Joseph of Arimathea
Fr. Patrick Reardon · August 2, 2008
Joseph, in taking responsibility for burying Jesus, could no longer keep it secret. His assumption of that responsibility represented the resolve to make the commitment public.
Joseph of Arimathea, my brothers and sisters in Christ, is described by Matthew only as a rich man, and identified by Mark and Luke as a member of the Sanhedrin. John, who agreed with Matthew’s description of Joseph as a disciple of Jesus, adds that he kept that discipleship secret out of fear. Today’s events, in the passion of Our Lord, do not lend themselves very well to secret discipleship. Joseph, in taking responsibility for burying Jesus, could no longer keep it secret. His assumption of that responsibility represented the resolve to make the commitment public. Somewhere in the course of his mind he finally penetrated the thought that he who is not with me is against me. Joseph’s wealth was indicated by his ownership of a grave near Jerusalem. Jesus’ burial in that grave fulfilled yet another line of prophecy:
I will appoint evil men for His burial and rich men for His death, because he committed no lawlessness, nor was deceit found in His mouth. (Isaiah 53:9)
Jesus was laid in this grave that Joseph had prepared for himself. Witnesses, the holy women, saw exactly where he was buried, thus testifying that there could be no confusion about the tombs, whether they have the right tomb on Sunday morning. Matthew demonstrates an apologetic interest in dismissing claims that the empty tomb was not the tomb in which Jesus was buried. That’s an under riding preoccupation in that solemn Gospel. Matthew alone tells the story of the elaborate security provided by the Jewish leaders to guarantee that the body of Jesus would not be stolen. This account must be completed by a later one which will be the third eiothonion. Those same enemies insist that the body of Jesus was stolen in spite of their precautions that it should not be stolen. We’ll be getting that Gospel next week. Matthew’s interest here likewise is apologetic.
These leaders come to Pilate and they ask for security, a guard to be posted. Pilate’s answer to them makes no attempt to disguise his impatience and scorn. I have taken the liberty of translating this directly from the Greek because all the English translations I’ve seen so far are a little too polite. Here’s what Pilate actually says to them: “You have a guard. Now get out of here and guard the tomb. You know how.” It is much more that kind of an answer—with contempt and scorn. Matthew’s style here is freighted with irony quoting their fear that the last fraud will be worst than the first. Matthew is doing a little twisting here. He identifies those who made the fraud as Jesus’ enemy. The whole thing has been deception. The entire process has been utter, utter fraud. Matthew says, yes, the last fraud would way outdo the other. This ruse of theirs will truly be worse than all of their earlier efforts.
Now Matthew records all this material, of course, looking back through the lens of what finally transpired. There is a tremendous symbolism in Jesus being buried in Joseph of Arimathea’s tomb. The two tombs you’ll notice in tonight’s reading are the potter’s field tomb, purchased with the money that Judas Iscariot provided—the blood money, and then the tomb of Joseph of Arimathea. Both of these come into mention tonight at the beginning and the end of the Gospel. Matthew has all this in mind as well (Matthew 27). It is Matthew, only Matthew, who puts those two tombs in his passion scene, the only one that does it.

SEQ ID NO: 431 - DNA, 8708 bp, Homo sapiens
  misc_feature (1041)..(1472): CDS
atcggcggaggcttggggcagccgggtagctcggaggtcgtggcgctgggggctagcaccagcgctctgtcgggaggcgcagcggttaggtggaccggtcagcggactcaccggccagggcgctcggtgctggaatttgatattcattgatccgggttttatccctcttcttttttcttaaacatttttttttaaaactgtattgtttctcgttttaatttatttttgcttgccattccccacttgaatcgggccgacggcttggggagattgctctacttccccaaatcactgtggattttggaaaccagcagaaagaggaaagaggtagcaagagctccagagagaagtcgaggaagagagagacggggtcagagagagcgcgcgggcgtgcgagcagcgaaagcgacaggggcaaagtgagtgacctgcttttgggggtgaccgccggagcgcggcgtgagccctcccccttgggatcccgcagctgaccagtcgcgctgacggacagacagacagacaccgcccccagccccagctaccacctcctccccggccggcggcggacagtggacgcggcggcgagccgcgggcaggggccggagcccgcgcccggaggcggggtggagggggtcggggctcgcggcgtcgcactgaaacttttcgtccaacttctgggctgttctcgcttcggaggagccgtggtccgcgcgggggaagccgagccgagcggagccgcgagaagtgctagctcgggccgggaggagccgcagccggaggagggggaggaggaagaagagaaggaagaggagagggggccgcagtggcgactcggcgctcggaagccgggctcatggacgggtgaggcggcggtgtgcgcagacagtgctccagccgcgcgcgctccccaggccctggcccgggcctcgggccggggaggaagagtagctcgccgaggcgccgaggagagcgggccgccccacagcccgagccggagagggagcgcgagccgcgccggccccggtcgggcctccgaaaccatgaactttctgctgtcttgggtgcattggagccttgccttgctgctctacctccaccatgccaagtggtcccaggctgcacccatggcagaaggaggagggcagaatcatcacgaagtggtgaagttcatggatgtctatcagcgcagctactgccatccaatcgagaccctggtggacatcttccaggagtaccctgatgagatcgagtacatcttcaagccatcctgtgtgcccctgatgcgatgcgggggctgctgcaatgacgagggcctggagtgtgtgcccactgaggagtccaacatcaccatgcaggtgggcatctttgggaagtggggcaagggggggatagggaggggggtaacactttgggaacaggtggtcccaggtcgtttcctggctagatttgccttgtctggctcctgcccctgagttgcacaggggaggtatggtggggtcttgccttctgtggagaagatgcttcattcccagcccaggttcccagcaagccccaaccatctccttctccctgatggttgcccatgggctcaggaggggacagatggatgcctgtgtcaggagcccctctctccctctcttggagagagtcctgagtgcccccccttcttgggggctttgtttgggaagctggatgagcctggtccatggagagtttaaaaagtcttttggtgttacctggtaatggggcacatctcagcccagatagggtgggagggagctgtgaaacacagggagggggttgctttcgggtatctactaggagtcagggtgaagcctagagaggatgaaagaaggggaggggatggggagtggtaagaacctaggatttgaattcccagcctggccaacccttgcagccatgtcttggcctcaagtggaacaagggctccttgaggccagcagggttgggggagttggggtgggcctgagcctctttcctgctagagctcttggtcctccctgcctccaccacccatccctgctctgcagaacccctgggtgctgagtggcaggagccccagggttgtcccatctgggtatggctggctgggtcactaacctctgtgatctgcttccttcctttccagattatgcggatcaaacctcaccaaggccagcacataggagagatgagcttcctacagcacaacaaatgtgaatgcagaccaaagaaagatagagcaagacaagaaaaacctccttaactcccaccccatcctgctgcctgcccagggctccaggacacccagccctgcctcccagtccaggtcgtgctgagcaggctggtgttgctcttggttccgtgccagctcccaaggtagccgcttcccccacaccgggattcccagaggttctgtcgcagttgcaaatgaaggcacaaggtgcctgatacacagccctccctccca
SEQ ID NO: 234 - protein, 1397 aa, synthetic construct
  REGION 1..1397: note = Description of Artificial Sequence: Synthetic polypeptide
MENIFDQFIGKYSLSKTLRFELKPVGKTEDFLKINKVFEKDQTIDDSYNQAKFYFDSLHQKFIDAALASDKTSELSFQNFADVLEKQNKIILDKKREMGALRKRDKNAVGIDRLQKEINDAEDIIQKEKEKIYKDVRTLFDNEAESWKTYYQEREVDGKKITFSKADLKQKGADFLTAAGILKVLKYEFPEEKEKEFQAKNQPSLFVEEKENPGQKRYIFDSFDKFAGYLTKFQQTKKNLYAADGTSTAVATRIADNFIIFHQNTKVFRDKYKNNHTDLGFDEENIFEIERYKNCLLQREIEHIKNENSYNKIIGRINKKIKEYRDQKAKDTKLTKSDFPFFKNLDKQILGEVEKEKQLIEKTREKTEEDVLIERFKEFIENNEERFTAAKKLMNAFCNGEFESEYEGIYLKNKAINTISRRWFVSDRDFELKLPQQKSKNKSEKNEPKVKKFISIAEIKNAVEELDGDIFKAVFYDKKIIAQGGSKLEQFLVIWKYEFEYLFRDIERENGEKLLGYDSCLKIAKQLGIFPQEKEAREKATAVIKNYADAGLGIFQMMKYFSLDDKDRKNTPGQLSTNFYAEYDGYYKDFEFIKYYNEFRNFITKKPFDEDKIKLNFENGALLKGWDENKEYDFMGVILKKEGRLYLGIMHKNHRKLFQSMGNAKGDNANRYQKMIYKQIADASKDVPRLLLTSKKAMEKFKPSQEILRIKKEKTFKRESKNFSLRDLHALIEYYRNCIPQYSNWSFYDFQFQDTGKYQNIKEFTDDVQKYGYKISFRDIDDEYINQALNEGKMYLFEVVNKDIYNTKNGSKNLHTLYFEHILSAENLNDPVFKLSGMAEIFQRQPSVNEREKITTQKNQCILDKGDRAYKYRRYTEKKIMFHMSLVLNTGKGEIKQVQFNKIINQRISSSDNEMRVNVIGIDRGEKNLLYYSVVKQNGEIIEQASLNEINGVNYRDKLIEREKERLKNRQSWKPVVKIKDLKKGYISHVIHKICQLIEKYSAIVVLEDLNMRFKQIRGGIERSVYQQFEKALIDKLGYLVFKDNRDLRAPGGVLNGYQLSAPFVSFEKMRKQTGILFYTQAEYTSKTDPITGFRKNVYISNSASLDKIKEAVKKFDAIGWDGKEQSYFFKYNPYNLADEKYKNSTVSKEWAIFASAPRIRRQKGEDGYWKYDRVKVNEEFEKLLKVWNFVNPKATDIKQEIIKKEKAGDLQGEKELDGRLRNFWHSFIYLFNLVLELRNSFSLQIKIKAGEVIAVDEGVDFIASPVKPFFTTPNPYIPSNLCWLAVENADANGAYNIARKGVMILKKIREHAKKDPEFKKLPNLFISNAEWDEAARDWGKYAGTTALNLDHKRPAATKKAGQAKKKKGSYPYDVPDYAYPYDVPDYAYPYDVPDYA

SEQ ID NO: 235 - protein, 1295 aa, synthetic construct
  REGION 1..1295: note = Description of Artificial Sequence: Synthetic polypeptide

Where are we laid when we die? We are laid in the potter’s field, which is a place to bury strangers. When I was a boy, I remember my father and especially my grandfather, both of whom seemed very distressed at the way I was turning out (by age three). They told me if I continued on the path which I seemed to have chosen for myself, I would amount to nothing and would eventually be buried in a potter’s tomb. That’s sounds pretty bad, but I didn’t know what it meant. Years later I read the Gospel of Matthew. Oh, that’s how it turns out. Oh, no, I don’t want that.
You see that is the tomb, that’s the graveyard purchased by the blood of Christ. There’s a sense in which all of us are going to be buried in a potter’s tomb. He owns the land. What’s the last thing we say, the very last thing we say when we put an Orthodox Christian in the grave? What’s the very last verse that we say right before we walk away?
The earth is the Lord’s, and it’s fullness,
The world and all who dwell therein. (Psalm 23:1)
He is being put in property that Christ Himself owns. The day will come, and it certainly will, when He is going to show up again and issue eviction notices on everybody, because it all belongs to Him. When Joseph of Arimathea came finally to die, in southern England according to some, there’s one thing I’m quite sure of. He was not afraid to die. He had already seen what little power a tomb has, what little claim it can make against the landlord. And we would leave here this day with the same conviction: Christ is risen from the dead, trampling down death by death and upon those in the tombs, bestowing life. (Paschal Troparion)